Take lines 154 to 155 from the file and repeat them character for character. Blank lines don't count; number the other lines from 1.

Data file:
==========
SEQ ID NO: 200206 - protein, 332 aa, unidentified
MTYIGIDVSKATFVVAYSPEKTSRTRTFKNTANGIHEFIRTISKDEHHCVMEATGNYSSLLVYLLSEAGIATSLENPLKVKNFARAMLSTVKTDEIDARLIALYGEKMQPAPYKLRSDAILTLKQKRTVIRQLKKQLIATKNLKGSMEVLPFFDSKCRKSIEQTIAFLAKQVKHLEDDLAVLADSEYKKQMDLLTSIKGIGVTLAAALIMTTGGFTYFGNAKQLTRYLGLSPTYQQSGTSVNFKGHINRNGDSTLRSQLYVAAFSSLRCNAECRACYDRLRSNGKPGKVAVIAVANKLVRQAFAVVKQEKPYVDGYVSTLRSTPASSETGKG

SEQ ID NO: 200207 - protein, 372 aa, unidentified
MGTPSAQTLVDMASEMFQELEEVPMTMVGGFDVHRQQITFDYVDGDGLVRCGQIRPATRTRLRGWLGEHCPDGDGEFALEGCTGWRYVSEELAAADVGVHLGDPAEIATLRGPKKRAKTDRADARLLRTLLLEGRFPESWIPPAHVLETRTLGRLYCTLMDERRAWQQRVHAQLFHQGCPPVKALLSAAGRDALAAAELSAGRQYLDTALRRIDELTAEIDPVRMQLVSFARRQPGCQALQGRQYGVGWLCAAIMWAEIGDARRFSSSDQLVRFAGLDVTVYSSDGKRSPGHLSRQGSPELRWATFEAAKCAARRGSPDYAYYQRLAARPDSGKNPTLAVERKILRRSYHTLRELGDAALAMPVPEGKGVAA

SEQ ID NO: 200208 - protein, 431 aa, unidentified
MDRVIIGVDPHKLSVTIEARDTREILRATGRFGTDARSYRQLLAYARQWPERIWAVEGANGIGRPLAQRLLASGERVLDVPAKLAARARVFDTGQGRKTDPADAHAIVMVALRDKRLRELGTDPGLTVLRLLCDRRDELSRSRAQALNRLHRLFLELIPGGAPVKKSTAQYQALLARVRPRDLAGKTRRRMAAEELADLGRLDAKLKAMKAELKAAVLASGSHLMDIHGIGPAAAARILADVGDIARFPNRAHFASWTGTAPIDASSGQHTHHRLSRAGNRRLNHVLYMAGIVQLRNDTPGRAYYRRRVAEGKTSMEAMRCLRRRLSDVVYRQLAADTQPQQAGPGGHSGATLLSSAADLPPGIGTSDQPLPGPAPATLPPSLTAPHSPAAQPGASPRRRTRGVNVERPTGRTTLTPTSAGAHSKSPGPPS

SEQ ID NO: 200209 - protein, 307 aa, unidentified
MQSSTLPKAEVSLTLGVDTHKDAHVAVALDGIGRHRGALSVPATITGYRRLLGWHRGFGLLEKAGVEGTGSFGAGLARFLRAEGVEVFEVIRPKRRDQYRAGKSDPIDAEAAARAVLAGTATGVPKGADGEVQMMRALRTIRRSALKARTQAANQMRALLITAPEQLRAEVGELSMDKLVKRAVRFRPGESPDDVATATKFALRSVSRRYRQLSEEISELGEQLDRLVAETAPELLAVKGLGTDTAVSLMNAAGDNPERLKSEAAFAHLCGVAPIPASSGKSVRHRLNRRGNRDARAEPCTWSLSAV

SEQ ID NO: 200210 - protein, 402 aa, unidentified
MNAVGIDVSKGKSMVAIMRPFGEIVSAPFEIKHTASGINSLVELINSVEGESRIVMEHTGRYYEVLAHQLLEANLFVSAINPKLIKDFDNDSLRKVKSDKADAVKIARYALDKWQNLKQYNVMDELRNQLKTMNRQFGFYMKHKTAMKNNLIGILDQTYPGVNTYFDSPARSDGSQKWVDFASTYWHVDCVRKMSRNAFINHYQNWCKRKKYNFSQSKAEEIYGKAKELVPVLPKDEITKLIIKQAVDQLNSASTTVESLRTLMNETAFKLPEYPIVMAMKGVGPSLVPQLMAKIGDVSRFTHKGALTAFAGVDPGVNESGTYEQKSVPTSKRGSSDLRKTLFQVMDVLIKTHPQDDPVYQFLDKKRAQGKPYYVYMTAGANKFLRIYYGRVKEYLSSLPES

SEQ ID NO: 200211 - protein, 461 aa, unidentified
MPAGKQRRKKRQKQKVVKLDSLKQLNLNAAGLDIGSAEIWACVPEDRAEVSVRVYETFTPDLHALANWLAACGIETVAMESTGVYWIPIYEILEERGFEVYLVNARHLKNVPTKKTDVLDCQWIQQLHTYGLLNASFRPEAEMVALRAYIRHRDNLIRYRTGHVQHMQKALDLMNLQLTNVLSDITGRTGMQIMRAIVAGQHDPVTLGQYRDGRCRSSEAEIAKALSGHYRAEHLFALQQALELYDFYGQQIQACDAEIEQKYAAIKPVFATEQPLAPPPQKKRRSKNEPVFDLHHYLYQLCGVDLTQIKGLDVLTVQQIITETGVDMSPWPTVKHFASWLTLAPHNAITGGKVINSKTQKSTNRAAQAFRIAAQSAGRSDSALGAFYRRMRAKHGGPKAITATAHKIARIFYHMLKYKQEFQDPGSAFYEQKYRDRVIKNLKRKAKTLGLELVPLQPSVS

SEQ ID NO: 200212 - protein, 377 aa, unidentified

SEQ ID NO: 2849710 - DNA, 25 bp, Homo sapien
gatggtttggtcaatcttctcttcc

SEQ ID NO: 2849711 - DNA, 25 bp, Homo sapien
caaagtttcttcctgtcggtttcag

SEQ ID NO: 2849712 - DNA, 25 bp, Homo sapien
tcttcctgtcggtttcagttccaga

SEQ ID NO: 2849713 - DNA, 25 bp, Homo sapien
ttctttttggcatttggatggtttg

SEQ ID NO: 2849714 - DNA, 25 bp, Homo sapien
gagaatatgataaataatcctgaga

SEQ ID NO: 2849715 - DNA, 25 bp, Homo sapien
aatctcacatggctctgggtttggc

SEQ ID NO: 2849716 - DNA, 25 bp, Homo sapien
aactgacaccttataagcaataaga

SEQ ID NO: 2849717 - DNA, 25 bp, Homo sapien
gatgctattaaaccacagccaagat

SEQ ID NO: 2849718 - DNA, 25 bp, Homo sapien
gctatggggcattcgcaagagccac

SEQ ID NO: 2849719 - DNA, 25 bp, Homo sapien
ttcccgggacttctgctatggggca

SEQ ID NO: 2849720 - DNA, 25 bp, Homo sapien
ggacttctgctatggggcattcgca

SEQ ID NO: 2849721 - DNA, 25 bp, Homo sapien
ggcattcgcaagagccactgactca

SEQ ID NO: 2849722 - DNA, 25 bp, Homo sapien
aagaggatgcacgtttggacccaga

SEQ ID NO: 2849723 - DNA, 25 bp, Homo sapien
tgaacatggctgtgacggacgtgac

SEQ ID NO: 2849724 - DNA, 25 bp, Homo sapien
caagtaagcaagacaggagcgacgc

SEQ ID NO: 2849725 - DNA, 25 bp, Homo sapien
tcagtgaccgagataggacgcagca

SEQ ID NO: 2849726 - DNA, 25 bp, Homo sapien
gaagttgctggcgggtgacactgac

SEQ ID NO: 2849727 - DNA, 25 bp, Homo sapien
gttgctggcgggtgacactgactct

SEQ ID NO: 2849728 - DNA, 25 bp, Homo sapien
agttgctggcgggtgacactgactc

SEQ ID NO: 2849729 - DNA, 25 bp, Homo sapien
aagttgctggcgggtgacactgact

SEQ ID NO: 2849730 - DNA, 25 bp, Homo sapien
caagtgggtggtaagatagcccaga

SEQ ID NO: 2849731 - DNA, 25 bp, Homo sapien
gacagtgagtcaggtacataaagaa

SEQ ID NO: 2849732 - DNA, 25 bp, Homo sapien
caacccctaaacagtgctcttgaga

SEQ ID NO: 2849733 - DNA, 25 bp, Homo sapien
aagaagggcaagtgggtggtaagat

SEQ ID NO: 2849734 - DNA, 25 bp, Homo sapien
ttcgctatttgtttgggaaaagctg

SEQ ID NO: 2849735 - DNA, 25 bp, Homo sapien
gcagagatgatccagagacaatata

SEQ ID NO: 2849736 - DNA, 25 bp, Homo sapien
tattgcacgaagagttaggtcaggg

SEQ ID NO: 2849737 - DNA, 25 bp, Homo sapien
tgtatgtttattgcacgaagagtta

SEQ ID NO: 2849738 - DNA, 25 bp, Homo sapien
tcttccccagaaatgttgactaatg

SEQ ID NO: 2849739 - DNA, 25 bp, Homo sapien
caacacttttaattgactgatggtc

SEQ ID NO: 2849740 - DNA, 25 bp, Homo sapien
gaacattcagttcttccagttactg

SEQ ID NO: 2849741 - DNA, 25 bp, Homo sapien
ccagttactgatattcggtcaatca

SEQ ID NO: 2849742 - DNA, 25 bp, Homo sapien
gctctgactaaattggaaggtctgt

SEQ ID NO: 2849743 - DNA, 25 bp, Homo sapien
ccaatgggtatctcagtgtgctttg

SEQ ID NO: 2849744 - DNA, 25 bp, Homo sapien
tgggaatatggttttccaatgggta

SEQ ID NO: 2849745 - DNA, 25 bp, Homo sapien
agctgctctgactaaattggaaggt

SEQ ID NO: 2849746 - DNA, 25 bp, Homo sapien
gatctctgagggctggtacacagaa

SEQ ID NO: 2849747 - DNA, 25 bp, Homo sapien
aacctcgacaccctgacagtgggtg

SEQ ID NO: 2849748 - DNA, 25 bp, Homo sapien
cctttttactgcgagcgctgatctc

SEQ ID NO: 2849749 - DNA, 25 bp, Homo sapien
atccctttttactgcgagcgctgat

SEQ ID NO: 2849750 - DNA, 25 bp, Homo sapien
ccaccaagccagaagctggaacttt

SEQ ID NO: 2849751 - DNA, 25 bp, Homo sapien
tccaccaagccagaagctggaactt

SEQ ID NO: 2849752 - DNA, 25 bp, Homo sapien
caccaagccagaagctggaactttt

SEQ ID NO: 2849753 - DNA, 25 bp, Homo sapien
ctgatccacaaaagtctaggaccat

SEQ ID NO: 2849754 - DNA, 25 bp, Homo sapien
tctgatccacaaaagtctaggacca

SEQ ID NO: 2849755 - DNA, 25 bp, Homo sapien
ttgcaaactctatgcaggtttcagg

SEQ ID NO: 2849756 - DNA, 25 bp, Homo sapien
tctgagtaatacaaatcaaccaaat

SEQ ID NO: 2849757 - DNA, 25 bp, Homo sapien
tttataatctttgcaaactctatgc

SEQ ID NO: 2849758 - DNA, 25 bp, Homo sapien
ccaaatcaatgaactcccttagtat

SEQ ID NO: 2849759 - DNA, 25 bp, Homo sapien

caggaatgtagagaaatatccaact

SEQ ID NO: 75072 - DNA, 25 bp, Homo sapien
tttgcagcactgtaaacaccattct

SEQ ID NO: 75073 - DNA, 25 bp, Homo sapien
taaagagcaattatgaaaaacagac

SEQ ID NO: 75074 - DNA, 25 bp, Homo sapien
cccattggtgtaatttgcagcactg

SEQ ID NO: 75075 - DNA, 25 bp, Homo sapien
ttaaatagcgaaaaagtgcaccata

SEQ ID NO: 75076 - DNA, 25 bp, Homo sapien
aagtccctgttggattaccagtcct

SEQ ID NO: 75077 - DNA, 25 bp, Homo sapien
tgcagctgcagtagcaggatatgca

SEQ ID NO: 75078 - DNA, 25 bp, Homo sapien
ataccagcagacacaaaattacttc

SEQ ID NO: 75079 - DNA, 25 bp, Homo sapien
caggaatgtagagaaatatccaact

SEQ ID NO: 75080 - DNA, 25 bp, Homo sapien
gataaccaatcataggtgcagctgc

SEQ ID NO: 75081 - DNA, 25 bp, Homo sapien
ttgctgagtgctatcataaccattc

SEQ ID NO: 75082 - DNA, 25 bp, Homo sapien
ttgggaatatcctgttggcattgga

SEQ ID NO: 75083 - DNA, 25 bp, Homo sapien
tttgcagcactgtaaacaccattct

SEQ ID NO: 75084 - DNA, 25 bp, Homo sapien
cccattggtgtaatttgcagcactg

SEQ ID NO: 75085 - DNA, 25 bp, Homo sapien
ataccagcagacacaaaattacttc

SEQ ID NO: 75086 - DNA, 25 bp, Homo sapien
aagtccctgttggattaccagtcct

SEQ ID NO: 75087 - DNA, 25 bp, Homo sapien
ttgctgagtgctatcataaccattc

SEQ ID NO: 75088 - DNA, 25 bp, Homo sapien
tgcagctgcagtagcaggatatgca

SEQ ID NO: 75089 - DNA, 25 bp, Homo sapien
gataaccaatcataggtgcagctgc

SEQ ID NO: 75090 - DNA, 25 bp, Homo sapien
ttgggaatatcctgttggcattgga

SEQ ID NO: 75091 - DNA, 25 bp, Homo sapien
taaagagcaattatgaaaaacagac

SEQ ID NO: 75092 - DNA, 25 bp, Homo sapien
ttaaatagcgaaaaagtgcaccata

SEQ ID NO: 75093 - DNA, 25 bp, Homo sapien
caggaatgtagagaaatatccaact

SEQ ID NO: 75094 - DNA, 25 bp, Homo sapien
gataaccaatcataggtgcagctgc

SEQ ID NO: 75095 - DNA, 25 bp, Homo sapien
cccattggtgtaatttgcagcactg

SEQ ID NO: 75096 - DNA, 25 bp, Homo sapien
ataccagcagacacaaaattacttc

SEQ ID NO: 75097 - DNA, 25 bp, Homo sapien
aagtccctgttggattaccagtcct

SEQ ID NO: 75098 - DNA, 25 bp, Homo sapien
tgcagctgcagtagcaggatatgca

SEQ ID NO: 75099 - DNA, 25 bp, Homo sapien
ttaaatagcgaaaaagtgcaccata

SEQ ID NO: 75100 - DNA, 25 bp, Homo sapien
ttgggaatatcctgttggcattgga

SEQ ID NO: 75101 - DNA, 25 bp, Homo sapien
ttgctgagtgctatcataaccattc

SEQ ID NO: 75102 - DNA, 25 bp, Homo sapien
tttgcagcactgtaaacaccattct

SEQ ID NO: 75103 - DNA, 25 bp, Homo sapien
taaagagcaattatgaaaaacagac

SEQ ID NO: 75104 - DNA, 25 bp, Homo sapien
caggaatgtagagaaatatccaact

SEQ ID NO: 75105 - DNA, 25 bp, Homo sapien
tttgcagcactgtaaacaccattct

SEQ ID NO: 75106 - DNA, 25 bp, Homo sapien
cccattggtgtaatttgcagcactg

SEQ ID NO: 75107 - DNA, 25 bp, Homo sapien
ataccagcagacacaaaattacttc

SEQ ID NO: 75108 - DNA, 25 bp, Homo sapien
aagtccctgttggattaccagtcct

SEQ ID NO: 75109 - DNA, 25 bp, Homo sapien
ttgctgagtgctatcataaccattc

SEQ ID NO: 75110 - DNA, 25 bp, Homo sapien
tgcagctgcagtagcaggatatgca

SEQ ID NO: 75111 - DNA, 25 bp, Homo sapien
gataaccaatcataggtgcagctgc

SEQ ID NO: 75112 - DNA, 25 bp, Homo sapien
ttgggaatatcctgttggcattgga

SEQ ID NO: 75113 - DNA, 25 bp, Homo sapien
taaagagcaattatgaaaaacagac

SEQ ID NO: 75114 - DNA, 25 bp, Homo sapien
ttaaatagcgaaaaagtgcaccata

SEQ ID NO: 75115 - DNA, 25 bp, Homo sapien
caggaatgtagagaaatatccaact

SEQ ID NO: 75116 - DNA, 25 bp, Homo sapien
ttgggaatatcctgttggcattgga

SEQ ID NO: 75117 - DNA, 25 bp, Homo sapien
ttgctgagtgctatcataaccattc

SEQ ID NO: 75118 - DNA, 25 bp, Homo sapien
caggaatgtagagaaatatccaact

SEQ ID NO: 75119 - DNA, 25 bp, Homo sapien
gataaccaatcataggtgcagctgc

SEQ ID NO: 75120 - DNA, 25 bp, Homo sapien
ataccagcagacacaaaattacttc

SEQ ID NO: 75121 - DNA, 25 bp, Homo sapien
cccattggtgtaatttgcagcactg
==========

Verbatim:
SEQ ID NO: 75092 - DNA, 25 bp, Homo sapien
ttaaatagcgaaaaagtgcaccata